The concept of SCADA control of an Energy Distribution Network is not a new one, but grappling with the communications challenges of a system distributed over a large geographic area persists as a major challenge. Whilst improvements in communications technology has been seen, it is mostly enjoyed by urban distributors, where population density can justify the expenditure of improving telecommunications infrastructure. For Distribution Network Intelligent Electronic Devices (IEDs), such as Auto-Reclosers, Transformer Tap Changers or Static VAR Compensators, reliability of their remote control is of paramount importance.
Presented with a challenge by a local utility, Auto Recloser manufacturer NOJA Power was asked to implement a method to monitor the reliability of the SCADA connection. NOJA Power’s Auto Reclosers are often deployed in remote areas for reliability of supply and bushfire mitigation applications, making the reliability of control of these units paramount. The solution to this challenge does not require work on the utility side – it’s about teaching the Recloser to expect communications from the Control Room.
If a Recloser Controller is commissioned and under SCADA control, it expects to receive periodic polling and communication from the control server. These are either requests for data, analogues and state, or controls, telling the Recloser to execute some action. Typically, poll rates are executed in the sub minute range. Naturally then, if the recloser does not receive a poll from the master station in that time, we can assume that the communications have been interrupted. This in turn suggests to the recloser that it should reboot its communications device, to try and re-establish the connection.
This is the logical concept that is applied as an optional function within the OSM Recloser with RC Control. If the Recloser Controller does not receive a control signal and SCADA poll request in a certain timeframe, the Recloser Controller reboots its communications device within the Controller.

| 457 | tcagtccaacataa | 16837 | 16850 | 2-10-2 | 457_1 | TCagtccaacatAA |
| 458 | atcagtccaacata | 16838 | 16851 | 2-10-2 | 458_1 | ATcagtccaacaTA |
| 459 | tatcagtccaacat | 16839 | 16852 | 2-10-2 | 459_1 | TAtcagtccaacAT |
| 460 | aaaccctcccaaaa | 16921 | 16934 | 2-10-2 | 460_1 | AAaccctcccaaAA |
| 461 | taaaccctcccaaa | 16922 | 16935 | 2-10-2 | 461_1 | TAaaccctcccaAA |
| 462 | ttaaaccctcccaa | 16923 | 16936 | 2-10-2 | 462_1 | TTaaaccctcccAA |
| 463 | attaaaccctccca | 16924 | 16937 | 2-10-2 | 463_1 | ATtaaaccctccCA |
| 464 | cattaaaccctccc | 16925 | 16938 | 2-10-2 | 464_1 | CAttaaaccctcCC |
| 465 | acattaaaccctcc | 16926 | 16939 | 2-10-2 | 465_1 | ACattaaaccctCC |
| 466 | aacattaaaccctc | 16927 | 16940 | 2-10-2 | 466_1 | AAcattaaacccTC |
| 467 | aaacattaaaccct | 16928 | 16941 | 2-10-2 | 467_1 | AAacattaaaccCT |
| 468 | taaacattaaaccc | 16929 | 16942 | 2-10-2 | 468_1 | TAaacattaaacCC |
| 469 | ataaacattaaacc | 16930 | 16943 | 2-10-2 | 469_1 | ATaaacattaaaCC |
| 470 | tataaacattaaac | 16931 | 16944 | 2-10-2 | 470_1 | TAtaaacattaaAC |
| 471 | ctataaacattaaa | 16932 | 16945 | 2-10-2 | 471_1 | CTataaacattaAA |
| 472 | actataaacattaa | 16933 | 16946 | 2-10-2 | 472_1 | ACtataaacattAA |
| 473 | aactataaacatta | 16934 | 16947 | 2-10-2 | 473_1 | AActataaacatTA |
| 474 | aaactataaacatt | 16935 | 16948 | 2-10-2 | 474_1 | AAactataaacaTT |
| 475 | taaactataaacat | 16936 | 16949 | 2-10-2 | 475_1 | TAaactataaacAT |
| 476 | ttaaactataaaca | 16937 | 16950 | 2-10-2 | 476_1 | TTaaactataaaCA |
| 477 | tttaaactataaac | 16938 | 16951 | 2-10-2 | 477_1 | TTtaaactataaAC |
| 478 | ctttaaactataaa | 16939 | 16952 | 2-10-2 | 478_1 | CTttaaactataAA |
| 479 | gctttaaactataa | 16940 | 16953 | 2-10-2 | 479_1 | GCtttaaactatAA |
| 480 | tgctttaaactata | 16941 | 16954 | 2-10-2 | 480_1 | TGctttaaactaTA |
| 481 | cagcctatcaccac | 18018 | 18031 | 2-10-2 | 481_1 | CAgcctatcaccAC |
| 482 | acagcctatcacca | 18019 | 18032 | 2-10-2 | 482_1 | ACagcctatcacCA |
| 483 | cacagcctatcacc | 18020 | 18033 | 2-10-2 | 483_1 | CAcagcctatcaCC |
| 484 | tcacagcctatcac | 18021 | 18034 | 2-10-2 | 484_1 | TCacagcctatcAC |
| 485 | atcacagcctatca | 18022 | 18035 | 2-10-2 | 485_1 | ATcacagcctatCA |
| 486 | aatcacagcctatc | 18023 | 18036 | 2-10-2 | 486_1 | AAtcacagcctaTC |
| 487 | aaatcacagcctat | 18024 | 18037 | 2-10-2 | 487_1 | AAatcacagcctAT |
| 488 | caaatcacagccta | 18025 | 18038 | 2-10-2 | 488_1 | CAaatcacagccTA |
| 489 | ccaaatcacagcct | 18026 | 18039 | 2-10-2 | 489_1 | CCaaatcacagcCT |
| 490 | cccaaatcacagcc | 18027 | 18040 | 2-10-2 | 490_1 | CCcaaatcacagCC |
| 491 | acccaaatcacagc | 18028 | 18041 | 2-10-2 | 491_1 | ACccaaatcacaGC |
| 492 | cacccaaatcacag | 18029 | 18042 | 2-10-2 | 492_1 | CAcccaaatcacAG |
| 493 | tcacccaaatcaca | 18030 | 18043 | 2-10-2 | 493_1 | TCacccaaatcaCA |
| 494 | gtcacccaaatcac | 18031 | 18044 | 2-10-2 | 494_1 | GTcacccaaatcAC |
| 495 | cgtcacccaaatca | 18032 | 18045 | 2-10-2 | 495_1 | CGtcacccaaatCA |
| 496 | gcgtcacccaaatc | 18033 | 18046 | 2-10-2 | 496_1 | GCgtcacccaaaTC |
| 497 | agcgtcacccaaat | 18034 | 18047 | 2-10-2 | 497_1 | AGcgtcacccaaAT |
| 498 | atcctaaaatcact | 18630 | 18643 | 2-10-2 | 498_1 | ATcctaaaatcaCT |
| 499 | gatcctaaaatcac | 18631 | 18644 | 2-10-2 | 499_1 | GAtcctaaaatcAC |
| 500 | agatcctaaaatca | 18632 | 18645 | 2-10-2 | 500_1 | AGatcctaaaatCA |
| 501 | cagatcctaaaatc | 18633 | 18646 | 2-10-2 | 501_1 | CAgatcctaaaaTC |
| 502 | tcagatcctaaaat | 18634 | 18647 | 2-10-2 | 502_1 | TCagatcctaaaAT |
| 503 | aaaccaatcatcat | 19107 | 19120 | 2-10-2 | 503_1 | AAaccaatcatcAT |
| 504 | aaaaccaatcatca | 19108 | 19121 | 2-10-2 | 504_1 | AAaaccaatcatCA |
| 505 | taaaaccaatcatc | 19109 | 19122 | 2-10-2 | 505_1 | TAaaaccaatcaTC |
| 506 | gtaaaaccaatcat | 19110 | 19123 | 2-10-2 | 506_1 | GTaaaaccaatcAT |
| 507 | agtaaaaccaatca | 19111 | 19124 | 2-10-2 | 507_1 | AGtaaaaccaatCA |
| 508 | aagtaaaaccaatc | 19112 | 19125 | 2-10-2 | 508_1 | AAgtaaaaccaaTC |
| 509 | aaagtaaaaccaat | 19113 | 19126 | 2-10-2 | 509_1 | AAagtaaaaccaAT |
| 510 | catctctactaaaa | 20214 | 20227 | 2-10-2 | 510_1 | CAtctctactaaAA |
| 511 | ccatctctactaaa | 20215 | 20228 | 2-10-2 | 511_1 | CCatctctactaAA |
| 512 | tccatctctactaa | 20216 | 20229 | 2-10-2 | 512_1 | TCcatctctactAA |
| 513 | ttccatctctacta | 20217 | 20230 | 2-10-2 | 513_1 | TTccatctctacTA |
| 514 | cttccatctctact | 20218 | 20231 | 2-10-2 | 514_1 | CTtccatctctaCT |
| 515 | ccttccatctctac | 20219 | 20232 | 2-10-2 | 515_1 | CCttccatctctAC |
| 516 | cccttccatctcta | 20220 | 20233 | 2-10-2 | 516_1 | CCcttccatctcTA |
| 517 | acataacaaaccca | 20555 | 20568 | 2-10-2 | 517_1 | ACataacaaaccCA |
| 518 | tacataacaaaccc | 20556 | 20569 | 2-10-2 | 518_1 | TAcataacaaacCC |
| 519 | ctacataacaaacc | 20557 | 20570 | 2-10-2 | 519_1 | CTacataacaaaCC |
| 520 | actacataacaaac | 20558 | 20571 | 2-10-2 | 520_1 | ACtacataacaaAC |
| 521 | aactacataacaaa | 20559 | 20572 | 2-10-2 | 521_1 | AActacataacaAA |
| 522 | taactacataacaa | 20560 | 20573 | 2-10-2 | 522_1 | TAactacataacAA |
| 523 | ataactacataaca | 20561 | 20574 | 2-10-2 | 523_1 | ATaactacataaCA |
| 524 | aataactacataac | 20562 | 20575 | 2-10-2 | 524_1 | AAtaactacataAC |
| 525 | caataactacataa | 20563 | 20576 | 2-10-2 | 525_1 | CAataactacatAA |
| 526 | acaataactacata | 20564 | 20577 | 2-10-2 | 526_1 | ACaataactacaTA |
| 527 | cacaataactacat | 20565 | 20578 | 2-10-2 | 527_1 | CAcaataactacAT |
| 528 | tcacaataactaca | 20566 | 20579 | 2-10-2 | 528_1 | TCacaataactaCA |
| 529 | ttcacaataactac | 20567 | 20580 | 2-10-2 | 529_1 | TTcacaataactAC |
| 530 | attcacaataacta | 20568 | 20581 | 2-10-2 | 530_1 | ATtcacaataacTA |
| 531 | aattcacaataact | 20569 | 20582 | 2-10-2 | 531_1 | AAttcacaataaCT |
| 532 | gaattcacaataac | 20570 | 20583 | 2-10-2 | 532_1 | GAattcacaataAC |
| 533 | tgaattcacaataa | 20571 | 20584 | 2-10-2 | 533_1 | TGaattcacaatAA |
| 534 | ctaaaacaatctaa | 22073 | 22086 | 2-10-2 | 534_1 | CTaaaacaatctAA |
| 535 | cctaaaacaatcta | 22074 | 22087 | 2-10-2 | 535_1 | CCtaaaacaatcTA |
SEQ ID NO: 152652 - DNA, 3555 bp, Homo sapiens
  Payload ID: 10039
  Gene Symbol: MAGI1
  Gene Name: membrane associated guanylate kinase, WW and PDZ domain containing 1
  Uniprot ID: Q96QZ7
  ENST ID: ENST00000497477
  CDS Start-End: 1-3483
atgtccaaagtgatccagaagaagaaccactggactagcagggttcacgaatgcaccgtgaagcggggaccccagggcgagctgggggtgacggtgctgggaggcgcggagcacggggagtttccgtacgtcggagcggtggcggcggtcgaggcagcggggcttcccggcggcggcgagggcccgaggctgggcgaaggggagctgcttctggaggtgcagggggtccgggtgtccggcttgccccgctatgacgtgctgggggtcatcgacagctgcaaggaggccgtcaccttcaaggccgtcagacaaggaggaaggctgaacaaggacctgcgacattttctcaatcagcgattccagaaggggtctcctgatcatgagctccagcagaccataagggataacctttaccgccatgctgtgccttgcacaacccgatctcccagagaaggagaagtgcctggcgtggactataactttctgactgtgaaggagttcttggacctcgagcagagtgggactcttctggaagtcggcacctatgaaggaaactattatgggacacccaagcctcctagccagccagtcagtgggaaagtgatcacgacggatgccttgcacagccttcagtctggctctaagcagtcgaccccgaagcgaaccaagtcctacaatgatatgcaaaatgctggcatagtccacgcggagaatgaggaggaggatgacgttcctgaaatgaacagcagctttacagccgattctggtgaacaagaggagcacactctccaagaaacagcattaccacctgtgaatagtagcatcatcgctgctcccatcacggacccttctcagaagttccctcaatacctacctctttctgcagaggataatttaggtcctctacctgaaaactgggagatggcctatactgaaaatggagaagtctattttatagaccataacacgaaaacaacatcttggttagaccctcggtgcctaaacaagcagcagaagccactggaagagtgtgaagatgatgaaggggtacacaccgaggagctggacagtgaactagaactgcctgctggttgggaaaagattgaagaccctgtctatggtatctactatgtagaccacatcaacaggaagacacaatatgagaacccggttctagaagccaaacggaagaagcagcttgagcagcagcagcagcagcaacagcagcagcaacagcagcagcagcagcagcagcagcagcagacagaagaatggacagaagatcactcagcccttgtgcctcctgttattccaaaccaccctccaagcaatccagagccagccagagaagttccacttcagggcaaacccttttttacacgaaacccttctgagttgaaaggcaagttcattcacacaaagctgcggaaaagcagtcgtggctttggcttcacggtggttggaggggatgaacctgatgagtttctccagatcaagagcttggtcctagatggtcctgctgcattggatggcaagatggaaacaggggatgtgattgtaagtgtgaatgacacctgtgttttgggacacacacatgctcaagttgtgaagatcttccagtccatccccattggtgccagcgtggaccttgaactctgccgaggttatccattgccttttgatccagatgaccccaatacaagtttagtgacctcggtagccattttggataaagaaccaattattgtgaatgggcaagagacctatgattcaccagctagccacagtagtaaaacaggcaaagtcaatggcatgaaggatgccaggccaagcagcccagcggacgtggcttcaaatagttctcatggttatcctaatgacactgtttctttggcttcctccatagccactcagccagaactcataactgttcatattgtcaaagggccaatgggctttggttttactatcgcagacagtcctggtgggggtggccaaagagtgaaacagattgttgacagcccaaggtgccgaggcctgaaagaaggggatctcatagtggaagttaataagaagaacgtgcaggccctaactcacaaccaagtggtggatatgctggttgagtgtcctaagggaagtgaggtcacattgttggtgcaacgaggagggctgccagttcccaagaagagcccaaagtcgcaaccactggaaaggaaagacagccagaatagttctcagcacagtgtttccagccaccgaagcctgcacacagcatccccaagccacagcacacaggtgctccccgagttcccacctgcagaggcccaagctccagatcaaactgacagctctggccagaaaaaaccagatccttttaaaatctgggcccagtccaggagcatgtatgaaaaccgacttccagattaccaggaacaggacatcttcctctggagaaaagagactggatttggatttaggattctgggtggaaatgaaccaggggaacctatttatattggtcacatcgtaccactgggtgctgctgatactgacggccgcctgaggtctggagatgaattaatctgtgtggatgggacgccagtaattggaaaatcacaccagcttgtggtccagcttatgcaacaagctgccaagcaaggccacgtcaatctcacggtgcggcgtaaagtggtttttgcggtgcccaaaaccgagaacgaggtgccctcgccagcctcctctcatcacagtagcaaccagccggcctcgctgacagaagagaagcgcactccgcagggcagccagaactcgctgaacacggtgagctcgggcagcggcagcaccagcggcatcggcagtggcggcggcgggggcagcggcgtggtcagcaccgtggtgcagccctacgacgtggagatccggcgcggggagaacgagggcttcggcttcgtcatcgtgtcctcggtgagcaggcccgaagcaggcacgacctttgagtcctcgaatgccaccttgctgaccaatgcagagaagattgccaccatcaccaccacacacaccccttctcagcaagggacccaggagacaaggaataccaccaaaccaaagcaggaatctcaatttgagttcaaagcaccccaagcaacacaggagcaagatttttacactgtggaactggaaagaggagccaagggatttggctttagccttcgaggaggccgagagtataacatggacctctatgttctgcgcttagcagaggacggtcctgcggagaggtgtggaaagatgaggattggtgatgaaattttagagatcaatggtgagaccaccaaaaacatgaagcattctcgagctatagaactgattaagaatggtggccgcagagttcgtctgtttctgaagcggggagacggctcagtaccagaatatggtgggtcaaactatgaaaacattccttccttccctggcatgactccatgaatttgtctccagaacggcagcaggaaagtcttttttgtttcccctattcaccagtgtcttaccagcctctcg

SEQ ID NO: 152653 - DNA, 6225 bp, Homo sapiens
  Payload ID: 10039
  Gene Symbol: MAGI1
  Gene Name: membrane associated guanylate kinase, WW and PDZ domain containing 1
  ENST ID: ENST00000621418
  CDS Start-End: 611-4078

This functionality is known as a “Communications Watchdog”, and it has been implemented in NOJA Power’s RC range of controllers for many years. Whilst it is a simple implementation, the communications equipment reset is very useful, particularly for networks using IP based cellular communications. The reboot of the communications device in the controller causes the Modem to update its registration in the local telecommunications cell tower, which is a common issue for stationary “mobile internet” connections on older telecommunications towers.
A further tip for ensuring communications reliability when using 3G is the application of dual-sim modems. Dual SIM modems provide for a backup service for communications when the primary service is rendered unavailable. These modems are available as an option with the NOJA Power OSM Recloser system, and are commonly deployed in remote areas where IP communications are used.
“Remote control and interrogation of reclosers is standard today,” says NOJA Power Group Managing Director Neil O’Sullivan. “Our job is to make it as plug and play and reliable as possible for our Utility customers. Integrated protocols including DNP3 secure, IEC 60870-5-101 and 104 and IEC 61850 combined with onboard Wi-Fi, GPS and 4G modem make that possible.”